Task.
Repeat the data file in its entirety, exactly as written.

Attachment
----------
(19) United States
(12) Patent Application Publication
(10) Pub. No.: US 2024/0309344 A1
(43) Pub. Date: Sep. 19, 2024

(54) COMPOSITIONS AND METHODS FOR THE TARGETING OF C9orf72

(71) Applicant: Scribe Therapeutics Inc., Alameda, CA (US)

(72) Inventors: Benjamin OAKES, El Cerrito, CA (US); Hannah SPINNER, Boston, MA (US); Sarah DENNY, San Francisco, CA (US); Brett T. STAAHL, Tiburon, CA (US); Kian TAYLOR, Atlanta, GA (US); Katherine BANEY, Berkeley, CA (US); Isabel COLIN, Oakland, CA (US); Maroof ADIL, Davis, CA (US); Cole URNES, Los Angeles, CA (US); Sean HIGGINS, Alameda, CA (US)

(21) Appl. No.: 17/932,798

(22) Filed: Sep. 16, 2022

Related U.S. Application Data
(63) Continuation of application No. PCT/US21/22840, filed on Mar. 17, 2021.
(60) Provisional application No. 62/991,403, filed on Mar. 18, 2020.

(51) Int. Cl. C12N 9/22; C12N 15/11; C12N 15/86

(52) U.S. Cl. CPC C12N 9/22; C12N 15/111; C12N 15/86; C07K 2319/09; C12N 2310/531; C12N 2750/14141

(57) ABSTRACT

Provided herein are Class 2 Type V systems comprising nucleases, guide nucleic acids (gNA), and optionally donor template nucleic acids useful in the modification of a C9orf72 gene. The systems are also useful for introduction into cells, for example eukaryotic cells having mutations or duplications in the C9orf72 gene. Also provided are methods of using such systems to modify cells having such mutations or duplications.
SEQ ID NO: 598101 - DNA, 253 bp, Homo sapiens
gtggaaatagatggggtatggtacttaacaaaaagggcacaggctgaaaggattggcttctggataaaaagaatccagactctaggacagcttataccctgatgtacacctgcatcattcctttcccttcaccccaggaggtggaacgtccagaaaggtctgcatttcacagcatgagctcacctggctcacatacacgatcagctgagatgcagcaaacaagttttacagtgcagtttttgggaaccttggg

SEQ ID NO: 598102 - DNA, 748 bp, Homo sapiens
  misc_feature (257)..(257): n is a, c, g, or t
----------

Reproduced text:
(19) United States
(12) Patent Application Publication
(10) Pub. No.: US 2024/0309344 A1
(43) Pub. Date: Sep. 19, 2024

(54) COMPOSITIONS AND METHODS FOR THE TARGETING OF C9orf72

(71) Applicant: Scribe Therapeutics Inc., Alameda, CA (US)

(72) Inventors: Benjamin OAKES, El Cerrito, CA (US); Hannah SPINNER, Boston, MA (US); Sarah DENNY, San Francisco, CA (US); Brett T. STAAHL, Tiburon, CA (US); Kian TAYLOR, Atlanta, GA (US); Katherine BANEY, Berkeley, CA (US); Isabel COLIN, Oakland, CA (US); Maroof ADIL, Davis, CA (US); Cole URNES, Los Angeles, CA (US); Sean HIGGINS, Alameda, CA (US)

(21) Appl. No.: 17/932,798

(22) Filed: Sep. 16, 2022

Related U.S. Application Data
(63) Continuation of application No. PCT/US21/22840, filed on Mar. 17, 2021.
(60) Provisional application No. 62/991,403, filed on Mar. 18, 2020.

(51) Int. Cl. C12N 9/22; C12N 15/11; C12N 15/86

(52) U.S. Cl. CPC C12N 9/22; C12N 15/111; C12N 15/86; C07K 2319/09; C12N 2310/531; C12N 2750/14141

(57) ABSTRACT

Provided herein are Class 2 Type V systems comprising nucleases, guide nucleic acids (gNA), and optionally donor template nucleic acids useful in the modification of a C9orf72 gene. The systems are also useful for introduction into cells, for example eukaryotic cells having mutations or duplications in the C9orf72 gene. Also provided are methods of using such systems to modify cells having such mutations or duplications.
SEQ ID NO: 598101 - DNA, 253 bp, Homo sapiens
gtggaaatagatggggtatggtacttaacaaaaagggcacaggctgaaaggattggcttctggataaaaagaatccagactctaggacagcttataccctgatgtacacctgcatcattcctttcccttcaccccaggaggtggaacgtccagaaaggtctgcatttcacagcatgagctcacctggctcacatacacgatcagctgagatgcagcaaacaagttttacagtgcagtttttgggaaccttggg

SEQ ID NO: 598102 - DNA, 748 bp, Homo sapiens
  misc_feature (257)..(257): n is a, c, g, or t